Open Yeshiva: Healing and Medicine in Jewish Thought
"Honor your physician according to your need of him! For verily the Lord has created him; and from the Lord comes his wisdom." ~~ Ben Sira 38:1 Join Rabbi Kinberg for Jewish text study (in English) exploring health, medicine and healing within the minds of Jewish thinkers throughout the centuries.
Kol Ami Events
Jan 15, 2021, 7:00 PM
About The Events
From the beginning of their history until modern times Jews have exercised a tremendous influence on the development of medical science. They have always been solicitous in their care for the sick and held the medical profession in great esteem. In ancient times medicine and religion were closely connected. The priests were the custodians of public health. The dispute as to the propriety of human interference in sickness – regarded as divine retribution – ceased to trouble the Jews, because they came to regard the physician as the instrument through whom God could effect the cure. Jewish physicians therefore considered their vocation as spiritually endowed and not merely an ordinary profession. By the same token, great demands were made of them, and the ethical standards have always been very high.
The importance of medicine and physicians among the Jews is best seen in the long line of rabbi-physicians, that started during the talmudic period and continued until comparatively recently. Various factors were responsible for this combination of professions. Medicine was sanctioned by biblical and talmudic law and had an important bearing upon religious matters. Since teaching or studying the word of God for reward was not considered ethical, the practice of medicine was most often chosen as a means of livelihood. This trend was further strengthened by the fact that during the greater part of the Middle Ages the Jews were excluded from almost all other occupations, including public office, and medicine was left as one of the few dignified occupations by which they could earn their living.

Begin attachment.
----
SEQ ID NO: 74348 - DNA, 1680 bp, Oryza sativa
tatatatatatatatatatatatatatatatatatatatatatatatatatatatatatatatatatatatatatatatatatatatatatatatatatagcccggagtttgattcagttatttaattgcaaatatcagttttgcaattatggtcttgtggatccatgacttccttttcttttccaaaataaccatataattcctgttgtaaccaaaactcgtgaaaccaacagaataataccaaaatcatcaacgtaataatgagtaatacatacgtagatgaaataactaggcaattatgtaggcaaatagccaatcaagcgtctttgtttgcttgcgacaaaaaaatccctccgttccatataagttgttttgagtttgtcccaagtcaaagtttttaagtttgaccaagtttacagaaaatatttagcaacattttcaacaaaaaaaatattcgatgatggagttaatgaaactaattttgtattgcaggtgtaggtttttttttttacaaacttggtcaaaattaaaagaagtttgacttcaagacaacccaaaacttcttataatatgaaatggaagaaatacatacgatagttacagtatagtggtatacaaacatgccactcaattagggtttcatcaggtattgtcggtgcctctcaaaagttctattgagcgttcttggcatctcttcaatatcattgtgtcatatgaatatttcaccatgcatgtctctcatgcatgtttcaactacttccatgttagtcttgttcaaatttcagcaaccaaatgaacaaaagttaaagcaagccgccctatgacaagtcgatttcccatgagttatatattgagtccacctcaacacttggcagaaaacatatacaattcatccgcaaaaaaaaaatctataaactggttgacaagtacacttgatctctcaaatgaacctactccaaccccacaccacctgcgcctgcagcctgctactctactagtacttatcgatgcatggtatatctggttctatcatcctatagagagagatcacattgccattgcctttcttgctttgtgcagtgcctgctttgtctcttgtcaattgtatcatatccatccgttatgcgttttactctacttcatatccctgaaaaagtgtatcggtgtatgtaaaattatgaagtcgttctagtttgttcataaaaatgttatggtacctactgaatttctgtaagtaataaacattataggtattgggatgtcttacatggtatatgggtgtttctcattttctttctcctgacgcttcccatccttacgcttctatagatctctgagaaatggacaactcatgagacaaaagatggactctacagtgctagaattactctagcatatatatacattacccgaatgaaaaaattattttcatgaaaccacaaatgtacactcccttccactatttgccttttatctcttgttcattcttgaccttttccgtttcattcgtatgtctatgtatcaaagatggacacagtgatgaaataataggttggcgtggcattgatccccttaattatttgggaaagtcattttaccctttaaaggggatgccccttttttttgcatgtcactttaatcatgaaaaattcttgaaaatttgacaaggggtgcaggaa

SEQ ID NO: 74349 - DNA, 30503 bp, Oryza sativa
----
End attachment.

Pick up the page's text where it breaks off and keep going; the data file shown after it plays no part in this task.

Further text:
Jews have contributed to medicine both by the creation of new medical concepts and by the transmission of medical knowledge. It was through the medieval Jewish physician-translators that the medical knowledge of the East and much of ancient Greek medical lore was preserved and transmitted to the West. A general survey of Jews in medicine may be divided into three broad periods:
(a) biblical and talmudic times, which covers the period from antiquity until roughly the fourth to fifth centuries C.E.;
(b) a middle period from approximately the sixth century C.E. to the beginning of the 19th century; and
(c) the 19th and 20th centuries, during which Jews throughout the world have excelled not only in the practice of medicine but in all fields of medical research and teaching. It is significant that over 20% of all winners of the Nobel Prize for medicine up to the end of the 1960s were Jewish.
The high standard of medical science in Israel must be mentioned. Not only have Israeli physicians successfully met the challenge of medical problems in a developing country with a mixed population, but they have continued the ancient Jewish medical tradition by teaching and giving practical aid to those developing countries striving to attain the scientific levels of the 20th and 21st century.